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Project 2016 For Dummies by Cynthia Snyder

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Chapter 3

Becoming a Task Master

In This Chapter

arrow Creating summary tasks and subtasks

arrow Moving tasks

arrow Collapsing and expanding tasks

arrow Creating milestones

arrow Deleting tasks and inactive tasks

arrow Entering a task note

The foundational unit in a project schedule is the project task; everything starts with it. After you identify and document your tasks, you can work with resources, dependencies, costs, durations, and other elements.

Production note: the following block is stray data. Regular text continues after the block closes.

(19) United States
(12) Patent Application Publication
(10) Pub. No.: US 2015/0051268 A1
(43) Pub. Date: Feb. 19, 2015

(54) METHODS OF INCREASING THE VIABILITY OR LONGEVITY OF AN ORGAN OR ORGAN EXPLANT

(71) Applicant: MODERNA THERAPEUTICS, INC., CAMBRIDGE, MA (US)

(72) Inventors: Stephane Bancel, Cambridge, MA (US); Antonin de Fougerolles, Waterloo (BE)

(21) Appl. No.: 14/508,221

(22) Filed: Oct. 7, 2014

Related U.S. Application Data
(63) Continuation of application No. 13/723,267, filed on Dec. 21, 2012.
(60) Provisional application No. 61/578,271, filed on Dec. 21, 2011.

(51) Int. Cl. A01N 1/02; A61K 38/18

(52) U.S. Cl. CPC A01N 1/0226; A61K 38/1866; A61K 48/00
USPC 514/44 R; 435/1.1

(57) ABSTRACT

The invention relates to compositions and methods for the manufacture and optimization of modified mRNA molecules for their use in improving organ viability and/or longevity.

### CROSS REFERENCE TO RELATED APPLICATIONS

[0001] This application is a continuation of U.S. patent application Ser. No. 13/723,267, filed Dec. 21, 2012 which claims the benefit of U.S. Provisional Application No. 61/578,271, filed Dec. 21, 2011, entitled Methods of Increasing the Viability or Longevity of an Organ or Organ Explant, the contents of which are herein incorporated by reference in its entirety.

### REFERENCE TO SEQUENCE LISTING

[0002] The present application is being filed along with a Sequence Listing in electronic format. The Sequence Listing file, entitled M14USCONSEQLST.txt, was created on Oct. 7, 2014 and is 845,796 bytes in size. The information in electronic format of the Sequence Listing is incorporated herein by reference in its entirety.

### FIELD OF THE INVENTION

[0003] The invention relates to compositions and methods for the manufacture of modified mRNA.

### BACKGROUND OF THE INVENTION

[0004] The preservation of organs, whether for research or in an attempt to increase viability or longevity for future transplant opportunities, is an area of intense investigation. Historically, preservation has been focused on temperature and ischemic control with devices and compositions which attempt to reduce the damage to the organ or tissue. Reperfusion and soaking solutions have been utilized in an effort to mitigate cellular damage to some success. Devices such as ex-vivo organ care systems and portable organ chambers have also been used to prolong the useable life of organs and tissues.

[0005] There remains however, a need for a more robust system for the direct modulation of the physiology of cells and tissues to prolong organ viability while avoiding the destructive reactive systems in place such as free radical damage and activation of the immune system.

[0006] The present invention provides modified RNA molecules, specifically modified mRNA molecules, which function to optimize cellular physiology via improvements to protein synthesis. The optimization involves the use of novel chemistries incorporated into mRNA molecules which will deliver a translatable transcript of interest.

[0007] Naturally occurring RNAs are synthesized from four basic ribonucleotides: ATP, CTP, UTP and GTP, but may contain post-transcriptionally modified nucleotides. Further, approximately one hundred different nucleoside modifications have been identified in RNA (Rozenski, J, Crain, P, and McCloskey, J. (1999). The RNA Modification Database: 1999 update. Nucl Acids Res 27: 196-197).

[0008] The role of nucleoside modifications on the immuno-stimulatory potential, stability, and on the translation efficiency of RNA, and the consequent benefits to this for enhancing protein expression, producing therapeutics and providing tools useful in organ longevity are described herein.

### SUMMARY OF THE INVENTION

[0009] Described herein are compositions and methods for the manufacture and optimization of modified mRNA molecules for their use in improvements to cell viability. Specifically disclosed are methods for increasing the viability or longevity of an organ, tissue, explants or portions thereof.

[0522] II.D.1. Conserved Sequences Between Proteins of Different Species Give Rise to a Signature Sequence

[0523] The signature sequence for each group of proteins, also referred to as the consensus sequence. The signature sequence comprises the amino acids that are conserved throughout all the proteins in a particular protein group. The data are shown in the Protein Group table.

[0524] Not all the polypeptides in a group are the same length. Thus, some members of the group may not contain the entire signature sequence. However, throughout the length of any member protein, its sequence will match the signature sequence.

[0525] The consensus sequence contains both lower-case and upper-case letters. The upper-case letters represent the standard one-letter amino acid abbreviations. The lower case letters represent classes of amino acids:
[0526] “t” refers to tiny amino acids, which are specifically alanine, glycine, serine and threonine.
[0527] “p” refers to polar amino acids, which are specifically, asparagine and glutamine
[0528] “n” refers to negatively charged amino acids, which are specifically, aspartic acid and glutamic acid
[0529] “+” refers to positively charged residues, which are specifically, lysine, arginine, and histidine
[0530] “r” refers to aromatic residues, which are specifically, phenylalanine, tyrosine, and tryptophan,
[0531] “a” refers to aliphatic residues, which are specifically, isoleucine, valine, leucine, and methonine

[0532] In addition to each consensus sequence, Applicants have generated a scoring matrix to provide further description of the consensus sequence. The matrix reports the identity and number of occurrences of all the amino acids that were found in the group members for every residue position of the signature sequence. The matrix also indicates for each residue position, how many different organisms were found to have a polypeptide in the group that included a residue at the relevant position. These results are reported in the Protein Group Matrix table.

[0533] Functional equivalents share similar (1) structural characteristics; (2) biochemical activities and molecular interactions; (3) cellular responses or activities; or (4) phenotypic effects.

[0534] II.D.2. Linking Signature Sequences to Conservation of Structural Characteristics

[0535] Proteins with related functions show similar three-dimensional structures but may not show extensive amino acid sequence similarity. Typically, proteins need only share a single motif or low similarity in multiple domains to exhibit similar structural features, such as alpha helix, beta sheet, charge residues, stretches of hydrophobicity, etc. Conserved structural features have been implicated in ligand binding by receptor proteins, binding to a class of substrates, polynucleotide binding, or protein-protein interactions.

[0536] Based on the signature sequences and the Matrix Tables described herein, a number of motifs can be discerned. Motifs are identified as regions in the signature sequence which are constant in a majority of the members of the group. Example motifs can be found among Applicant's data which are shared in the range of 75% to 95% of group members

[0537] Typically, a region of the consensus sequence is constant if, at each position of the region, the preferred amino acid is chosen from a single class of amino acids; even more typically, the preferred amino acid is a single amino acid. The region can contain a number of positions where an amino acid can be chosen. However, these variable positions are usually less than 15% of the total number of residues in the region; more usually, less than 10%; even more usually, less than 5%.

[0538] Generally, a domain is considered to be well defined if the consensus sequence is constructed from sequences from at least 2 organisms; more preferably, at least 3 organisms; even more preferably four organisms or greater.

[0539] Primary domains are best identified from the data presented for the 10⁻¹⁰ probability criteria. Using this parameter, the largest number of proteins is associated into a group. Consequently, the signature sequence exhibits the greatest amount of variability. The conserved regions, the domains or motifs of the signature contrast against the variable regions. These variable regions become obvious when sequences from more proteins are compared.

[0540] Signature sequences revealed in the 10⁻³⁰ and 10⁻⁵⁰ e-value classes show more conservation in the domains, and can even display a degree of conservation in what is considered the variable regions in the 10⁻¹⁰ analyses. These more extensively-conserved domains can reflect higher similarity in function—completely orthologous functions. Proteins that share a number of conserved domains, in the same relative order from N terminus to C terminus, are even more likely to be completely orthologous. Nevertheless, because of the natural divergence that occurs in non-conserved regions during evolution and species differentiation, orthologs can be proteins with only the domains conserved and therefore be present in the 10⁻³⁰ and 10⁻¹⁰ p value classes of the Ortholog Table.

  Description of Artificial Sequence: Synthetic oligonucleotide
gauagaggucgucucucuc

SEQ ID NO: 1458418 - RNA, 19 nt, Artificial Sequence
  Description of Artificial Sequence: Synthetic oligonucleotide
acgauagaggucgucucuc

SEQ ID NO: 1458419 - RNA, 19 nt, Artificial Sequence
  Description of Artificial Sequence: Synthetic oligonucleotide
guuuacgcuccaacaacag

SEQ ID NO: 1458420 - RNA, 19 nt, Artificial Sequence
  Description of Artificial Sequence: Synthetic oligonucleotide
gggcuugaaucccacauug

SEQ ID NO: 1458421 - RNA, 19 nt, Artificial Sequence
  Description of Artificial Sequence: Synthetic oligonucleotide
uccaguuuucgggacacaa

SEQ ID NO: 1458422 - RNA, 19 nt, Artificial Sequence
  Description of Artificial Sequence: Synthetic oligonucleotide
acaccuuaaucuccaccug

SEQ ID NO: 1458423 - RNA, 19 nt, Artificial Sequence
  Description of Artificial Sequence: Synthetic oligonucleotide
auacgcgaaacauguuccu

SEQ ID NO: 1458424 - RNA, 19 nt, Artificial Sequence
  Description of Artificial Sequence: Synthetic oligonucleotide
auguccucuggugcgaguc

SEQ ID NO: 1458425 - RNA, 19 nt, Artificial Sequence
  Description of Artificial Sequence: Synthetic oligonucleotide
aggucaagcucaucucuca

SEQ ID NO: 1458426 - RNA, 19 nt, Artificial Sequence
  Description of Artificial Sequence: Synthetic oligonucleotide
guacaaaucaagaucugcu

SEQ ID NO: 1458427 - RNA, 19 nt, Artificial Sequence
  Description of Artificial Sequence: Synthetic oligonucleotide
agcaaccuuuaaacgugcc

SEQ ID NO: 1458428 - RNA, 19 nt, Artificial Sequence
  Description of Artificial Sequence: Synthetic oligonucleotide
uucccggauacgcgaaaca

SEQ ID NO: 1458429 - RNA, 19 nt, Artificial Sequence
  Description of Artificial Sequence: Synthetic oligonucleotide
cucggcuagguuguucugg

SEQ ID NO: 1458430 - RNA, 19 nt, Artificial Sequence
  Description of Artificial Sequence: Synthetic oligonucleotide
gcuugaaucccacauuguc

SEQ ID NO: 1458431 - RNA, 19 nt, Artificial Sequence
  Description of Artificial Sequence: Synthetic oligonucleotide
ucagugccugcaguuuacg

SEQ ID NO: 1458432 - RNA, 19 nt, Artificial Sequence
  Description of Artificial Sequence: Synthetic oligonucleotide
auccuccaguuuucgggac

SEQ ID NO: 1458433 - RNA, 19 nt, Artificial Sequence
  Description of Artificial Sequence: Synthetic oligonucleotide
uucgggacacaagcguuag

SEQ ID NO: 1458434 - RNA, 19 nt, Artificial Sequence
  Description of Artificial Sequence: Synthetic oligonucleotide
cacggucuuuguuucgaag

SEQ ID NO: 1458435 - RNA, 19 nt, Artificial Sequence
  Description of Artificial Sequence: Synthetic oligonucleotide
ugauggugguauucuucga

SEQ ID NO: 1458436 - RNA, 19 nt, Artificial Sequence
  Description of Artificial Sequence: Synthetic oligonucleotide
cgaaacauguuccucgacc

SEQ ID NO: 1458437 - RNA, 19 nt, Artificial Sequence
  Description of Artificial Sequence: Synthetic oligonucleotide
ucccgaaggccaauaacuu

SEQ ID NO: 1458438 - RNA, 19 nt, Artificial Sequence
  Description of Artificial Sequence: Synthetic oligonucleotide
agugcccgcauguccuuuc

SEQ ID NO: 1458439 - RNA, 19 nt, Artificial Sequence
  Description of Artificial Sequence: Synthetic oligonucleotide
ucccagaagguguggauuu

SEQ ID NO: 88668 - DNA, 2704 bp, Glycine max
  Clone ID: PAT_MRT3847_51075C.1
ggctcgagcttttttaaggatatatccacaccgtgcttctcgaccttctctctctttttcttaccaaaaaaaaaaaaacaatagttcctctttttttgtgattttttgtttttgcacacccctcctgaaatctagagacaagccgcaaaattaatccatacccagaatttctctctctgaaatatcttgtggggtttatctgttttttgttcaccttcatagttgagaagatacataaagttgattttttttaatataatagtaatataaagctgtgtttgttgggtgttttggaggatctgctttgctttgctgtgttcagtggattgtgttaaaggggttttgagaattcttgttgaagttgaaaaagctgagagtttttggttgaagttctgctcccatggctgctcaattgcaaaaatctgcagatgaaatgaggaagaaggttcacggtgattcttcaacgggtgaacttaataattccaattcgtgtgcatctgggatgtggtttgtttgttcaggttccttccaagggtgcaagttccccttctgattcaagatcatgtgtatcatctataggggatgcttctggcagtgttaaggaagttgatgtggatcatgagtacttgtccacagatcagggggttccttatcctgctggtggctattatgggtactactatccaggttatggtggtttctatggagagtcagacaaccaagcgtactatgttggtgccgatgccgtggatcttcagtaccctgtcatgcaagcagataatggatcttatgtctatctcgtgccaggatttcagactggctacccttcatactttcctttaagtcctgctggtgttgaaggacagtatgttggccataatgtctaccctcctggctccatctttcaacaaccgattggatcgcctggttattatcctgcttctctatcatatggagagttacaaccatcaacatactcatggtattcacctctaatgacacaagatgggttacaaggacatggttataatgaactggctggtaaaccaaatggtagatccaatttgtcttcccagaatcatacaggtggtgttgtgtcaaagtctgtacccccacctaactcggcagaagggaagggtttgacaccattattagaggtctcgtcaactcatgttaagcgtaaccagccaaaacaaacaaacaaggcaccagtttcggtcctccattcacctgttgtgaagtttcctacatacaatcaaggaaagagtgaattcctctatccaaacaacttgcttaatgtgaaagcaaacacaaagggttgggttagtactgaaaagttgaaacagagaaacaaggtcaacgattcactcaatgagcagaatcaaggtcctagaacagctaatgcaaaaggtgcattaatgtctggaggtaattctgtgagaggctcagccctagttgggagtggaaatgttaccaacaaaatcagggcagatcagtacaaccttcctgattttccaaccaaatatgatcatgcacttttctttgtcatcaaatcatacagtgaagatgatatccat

To be an effective task master, you need to be nimble in managing your tasks: Determine how to summarize work with a summary task, move work around, start and stop work in the middle of a task, and do all kinds of other tricks that help your schedule reflect what you want to happen on your project.

Creating Summary Tasks and Subtasks

When you look at a project work breakdown structure, also known as WBS (refer to Chapter 2), or a project task list, such as the one ...

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